Sometimes it is difficult to know what is available and where to get more information about it. Knowing if and when you need a service will allow the professionals work to out how best to help you (if they can). We have put together a quick guide to some of the important benefits and support available for families to help you discover what is available and where you could get further information. Some parents find it uncomfortable to ask for financial support, but these benefits are especially provided for families whose lives can be challenging because of their caring role. Some families use it for a holiday both the SEN/disabled child and the siblings can also enjoy.
DISABILITY LIVING ALLOWANCE (DLA)
Disability Living Allowance (DLA) is a benefit provided to help support children under 16 who have care and mobility needs greater than those of a child of the same age who does not have a disability.
Who can receive Disability Living Allowance?
DLA is a benefit to help with the extra costs of raising a disabled child and is therefore not means-tested.
You can receive DLA for your child if:
- Your child’s disability or health condition means that one or both of the following apply:
- They need more looking after than a child of the same age who doesn’t have a disability.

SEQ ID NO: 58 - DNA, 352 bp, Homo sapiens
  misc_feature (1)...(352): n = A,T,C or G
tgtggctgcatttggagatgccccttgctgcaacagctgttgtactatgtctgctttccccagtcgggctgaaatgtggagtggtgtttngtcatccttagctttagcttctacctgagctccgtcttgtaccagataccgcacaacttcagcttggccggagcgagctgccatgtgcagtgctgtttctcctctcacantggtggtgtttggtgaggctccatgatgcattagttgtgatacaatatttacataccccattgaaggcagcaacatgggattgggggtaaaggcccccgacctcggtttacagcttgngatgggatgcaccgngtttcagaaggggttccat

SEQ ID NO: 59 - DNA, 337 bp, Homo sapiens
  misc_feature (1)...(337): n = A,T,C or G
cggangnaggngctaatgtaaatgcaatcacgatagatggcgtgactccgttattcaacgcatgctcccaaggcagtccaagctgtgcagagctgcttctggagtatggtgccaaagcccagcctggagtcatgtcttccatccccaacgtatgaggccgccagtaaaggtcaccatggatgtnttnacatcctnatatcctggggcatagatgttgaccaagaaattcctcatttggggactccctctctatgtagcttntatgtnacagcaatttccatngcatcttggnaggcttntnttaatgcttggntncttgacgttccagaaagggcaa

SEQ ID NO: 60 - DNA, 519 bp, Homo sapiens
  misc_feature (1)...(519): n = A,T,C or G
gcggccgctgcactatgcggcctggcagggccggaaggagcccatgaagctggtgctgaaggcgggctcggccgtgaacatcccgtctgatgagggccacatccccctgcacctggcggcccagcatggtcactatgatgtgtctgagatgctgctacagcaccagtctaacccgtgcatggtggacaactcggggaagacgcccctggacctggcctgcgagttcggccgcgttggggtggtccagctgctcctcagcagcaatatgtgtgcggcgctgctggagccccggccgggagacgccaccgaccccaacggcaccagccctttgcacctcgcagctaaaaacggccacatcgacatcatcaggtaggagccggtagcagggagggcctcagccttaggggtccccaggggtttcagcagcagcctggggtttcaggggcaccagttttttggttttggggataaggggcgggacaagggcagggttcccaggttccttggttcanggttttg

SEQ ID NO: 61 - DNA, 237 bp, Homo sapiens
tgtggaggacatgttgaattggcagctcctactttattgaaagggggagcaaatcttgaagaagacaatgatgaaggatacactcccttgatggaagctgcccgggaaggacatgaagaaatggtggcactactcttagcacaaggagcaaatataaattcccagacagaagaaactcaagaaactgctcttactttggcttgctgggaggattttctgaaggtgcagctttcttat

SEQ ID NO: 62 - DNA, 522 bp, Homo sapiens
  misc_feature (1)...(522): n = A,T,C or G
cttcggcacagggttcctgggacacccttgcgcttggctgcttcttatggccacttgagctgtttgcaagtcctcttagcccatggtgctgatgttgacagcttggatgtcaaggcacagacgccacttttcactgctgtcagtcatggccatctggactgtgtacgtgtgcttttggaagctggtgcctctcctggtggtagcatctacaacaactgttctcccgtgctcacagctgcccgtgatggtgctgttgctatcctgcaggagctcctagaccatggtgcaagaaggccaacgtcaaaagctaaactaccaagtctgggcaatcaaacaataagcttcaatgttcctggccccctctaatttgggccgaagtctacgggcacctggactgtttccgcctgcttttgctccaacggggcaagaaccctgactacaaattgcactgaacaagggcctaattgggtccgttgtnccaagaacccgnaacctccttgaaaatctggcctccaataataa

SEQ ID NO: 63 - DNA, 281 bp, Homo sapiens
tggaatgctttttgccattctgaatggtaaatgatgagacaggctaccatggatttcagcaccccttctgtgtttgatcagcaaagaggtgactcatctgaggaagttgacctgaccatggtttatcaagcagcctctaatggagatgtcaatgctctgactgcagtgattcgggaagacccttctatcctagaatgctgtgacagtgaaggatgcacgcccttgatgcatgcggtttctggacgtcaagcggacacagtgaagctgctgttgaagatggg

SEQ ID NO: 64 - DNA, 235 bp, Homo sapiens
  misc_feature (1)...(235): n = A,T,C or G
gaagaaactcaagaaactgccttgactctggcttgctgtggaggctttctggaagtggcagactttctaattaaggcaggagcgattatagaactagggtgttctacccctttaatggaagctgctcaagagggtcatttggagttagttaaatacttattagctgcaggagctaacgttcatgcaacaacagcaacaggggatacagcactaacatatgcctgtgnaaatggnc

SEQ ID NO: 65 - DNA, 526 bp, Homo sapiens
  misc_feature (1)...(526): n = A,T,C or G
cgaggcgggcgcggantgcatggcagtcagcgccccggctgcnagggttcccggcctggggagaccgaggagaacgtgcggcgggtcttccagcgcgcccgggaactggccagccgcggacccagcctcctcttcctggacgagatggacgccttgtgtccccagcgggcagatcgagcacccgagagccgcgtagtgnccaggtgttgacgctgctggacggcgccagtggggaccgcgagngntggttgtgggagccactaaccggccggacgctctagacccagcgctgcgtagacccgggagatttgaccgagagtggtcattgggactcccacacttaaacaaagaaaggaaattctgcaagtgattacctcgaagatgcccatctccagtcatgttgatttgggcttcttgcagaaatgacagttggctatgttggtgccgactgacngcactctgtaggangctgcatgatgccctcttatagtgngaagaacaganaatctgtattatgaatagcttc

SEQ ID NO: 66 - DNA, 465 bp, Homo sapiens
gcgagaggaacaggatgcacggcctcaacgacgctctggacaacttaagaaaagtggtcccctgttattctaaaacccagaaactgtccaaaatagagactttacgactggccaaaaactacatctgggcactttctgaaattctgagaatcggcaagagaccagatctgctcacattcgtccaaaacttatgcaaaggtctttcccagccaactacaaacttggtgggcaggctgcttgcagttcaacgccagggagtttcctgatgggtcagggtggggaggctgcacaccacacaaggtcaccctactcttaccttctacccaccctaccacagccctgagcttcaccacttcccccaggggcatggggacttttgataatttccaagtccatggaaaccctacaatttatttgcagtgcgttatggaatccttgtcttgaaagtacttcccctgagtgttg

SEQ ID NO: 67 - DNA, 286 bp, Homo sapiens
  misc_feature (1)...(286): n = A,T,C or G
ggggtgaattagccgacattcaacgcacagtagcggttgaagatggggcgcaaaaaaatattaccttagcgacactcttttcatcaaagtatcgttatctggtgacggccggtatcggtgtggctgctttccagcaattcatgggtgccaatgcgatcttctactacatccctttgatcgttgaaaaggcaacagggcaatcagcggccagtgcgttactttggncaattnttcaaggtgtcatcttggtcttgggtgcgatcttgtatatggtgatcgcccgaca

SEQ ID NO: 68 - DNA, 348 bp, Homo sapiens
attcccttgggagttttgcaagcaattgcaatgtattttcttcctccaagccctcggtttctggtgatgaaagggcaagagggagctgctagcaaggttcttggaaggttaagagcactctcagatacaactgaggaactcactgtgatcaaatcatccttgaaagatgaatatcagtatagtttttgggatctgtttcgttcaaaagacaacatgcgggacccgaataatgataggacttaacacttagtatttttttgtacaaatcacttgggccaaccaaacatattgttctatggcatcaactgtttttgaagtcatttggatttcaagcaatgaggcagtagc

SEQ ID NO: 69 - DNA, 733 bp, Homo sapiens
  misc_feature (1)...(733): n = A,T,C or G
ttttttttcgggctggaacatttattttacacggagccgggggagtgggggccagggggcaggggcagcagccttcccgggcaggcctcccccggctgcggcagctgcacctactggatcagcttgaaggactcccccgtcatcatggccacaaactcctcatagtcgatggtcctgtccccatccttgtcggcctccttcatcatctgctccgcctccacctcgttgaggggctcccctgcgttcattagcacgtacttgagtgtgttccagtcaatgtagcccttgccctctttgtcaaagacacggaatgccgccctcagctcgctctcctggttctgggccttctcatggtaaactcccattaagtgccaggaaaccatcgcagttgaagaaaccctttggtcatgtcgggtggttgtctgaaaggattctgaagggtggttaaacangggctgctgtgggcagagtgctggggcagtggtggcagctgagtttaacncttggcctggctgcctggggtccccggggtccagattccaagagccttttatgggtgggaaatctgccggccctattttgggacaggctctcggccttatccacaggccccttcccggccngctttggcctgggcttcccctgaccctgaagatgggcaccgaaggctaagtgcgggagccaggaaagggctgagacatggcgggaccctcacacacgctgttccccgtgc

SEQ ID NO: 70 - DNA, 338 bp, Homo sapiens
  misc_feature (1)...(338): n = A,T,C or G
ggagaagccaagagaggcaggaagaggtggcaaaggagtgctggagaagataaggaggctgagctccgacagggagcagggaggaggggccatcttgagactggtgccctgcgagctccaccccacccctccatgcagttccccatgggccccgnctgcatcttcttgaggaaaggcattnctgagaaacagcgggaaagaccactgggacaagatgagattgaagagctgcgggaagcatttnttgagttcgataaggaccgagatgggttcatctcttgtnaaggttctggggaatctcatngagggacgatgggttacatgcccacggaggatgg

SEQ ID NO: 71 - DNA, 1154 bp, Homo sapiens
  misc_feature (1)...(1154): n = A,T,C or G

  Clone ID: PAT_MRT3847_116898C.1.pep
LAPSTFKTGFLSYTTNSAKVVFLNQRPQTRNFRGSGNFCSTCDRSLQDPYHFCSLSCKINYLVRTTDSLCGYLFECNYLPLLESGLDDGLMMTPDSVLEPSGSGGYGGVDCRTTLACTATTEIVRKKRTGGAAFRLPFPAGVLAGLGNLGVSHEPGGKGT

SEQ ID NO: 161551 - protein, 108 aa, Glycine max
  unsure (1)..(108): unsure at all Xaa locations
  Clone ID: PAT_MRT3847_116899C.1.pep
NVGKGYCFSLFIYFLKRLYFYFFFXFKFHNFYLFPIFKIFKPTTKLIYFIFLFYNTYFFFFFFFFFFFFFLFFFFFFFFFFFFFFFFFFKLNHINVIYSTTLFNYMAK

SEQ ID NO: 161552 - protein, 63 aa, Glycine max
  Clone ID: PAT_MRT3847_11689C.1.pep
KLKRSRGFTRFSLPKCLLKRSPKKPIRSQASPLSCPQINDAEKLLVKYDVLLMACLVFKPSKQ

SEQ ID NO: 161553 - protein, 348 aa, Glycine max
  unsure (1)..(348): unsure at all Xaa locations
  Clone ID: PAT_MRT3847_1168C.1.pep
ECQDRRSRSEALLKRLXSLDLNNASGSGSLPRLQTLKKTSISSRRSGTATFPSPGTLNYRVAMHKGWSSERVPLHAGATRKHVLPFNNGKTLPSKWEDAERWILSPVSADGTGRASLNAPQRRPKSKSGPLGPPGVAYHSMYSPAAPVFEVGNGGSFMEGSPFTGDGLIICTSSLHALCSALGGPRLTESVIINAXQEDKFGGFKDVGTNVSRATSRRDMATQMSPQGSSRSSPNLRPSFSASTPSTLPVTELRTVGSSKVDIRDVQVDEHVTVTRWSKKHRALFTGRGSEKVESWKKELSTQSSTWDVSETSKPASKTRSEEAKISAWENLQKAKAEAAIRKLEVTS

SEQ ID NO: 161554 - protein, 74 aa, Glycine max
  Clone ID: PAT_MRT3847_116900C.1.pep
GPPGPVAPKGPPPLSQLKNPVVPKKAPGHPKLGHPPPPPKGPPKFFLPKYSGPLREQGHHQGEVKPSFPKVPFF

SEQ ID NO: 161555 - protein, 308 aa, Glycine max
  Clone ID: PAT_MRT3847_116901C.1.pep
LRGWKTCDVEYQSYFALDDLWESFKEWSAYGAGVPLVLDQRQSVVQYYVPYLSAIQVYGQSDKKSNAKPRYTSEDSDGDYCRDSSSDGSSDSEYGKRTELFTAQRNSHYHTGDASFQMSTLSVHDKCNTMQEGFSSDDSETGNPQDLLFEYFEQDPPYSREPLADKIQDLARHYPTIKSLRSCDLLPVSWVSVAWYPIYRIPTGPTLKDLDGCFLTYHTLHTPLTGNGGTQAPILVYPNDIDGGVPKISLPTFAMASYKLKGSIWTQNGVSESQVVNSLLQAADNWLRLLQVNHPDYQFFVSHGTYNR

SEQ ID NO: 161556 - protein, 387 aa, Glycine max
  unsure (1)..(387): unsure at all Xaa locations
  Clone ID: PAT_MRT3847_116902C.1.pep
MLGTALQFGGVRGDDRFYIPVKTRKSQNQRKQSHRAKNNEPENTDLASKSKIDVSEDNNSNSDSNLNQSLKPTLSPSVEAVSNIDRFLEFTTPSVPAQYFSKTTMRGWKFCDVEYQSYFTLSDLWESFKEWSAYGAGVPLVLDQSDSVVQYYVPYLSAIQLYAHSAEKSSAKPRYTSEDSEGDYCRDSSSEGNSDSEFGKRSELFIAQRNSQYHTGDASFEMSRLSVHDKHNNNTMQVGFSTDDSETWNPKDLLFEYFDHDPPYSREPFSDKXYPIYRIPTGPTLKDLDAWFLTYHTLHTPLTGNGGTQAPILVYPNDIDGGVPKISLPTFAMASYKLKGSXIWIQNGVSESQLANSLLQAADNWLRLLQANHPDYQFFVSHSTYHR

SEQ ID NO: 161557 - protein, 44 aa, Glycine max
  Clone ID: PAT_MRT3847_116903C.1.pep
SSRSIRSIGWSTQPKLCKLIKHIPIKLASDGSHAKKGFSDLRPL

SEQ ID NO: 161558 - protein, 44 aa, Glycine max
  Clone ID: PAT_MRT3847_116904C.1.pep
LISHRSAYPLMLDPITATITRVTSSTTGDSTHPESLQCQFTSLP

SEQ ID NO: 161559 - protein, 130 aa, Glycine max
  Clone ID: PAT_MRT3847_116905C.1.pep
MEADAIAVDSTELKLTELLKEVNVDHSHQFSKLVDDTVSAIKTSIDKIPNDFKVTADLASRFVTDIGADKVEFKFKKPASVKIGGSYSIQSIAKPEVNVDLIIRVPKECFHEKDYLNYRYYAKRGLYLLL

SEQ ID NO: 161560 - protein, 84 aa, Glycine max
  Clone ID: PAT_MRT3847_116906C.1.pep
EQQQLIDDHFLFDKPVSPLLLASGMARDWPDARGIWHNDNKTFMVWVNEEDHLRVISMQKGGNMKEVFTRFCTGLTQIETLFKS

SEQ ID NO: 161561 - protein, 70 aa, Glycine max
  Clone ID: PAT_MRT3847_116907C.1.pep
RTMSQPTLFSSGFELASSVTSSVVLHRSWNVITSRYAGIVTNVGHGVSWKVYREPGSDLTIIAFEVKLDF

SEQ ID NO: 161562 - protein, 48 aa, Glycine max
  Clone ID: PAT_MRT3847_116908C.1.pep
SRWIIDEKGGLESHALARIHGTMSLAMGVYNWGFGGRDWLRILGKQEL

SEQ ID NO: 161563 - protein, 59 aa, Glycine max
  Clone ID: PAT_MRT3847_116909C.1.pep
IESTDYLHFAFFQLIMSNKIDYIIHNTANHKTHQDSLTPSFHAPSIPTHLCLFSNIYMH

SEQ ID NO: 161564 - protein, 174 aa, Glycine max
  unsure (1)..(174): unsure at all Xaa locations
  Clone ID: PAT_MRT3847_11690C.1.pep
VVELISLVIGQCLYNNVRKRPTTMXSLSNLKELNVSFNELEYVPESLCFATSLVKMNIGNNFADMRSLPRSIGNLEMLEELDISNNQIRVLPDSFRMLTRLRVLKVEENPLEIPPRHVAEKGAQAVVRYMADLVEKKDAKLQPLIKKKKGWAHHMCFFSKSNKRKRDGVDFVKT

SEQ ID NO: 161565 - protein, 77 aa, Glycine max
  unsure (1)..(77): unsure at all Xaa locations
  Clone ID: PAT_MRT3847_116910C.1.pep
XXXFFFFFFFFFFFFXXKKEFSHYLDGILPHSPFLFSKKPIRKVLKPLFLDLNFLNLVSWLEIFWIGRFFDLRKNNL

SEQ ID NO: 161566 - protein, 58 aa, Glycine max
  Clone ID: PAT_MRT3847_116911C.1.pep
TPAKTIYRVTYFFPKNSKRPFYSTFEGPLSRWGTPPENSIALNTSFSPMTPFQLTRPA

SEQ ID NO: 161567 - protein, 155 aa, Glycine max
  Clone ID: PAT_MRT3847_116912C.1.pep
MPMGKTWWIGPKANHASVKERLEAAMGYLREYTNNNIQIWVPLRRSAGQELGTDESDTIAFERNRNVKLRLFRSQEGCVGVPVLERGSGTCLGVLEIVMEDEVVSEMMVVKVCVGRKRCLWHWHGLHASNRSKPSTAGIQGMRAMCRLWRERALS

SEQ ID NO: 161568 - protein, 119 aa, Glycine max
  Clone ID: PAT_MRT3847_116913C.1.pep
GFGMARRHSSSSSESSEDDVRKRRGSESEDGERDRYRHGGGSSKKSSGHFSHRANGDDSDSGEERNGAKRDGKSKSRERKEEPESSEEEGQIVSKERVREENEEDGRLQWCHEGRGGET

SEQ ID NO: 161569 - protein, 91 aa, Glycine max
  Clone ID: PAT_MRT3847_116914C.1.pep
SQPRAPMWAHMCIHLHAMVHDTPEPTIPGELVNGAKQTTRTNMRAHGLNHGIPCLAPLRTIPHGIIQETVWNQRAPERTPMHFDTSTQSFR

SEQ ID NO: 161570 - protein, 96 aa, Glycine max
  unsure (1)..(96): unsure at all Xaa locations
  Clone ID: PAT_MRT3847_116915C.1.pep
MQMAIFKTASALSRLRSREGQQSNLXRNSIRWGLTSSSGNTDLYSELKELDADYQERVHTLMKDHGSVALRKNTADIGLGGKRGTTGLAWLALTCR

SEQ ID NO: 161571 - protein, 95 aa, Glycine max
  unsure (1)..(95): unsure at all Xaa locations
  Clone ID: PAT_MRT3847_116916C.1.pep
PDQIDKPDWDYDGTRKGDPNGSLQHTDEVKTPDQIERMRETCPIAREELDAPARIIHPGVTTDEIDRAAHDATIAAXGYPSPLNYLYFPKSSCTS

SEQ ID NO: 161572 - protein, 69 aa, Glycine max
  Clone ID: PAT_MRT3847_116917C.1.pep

- They have difficulty getting about.
- They must have had these difficulties for at least 3 months and expect them to last for at least 6 months. If they’re terminally ill (that is, not expected to live more than 6 months), they don’t need to have had these difficulties for 3 months.
How much will you receive?
DLA has two parts called ‘components’:
A care component – relating to care in addition to what would be perceived as ‘expected’ for a child of their age
The rate the child gets depends on the level of looking after they need, for example:
- lowest rate – help for some of the day or night
- middle rate – frequent help or constant supervision during the day, supervision at night or someone to help while they’re on dialysis
- highest rate – help or supervision throughout both day and night, or they’re terminally ill.
A mobility component – relating to support they need in moving around
The rate the child gets depends on the level of help they need getting about, for example:
- lowest rate – they can walk but need help and or supervision when outdoors
- highest rate – they can’t walk, can only walk a short distance without severe discomfort, could become very ill if they try to walk or they’re blind, severely sight impaired.
You may be paid either one or both of these components but they can only receive one rate from each component.
Effects on other benefits and entitlements
Receiving DLA may increase the amount of other benefits or credits you’re entitled to, such as Income Support, Pension Credit, Housing Benefit, Council Tax Benefit, Working Tax Credit and Child Tax Credit.
It can also be a gateway into other support including carers allowance, the blue badge scheme and Motability Scheme.
For more information on DLA click here (link to https://www.gov.uk/dla-disability-living-allowance-benefit )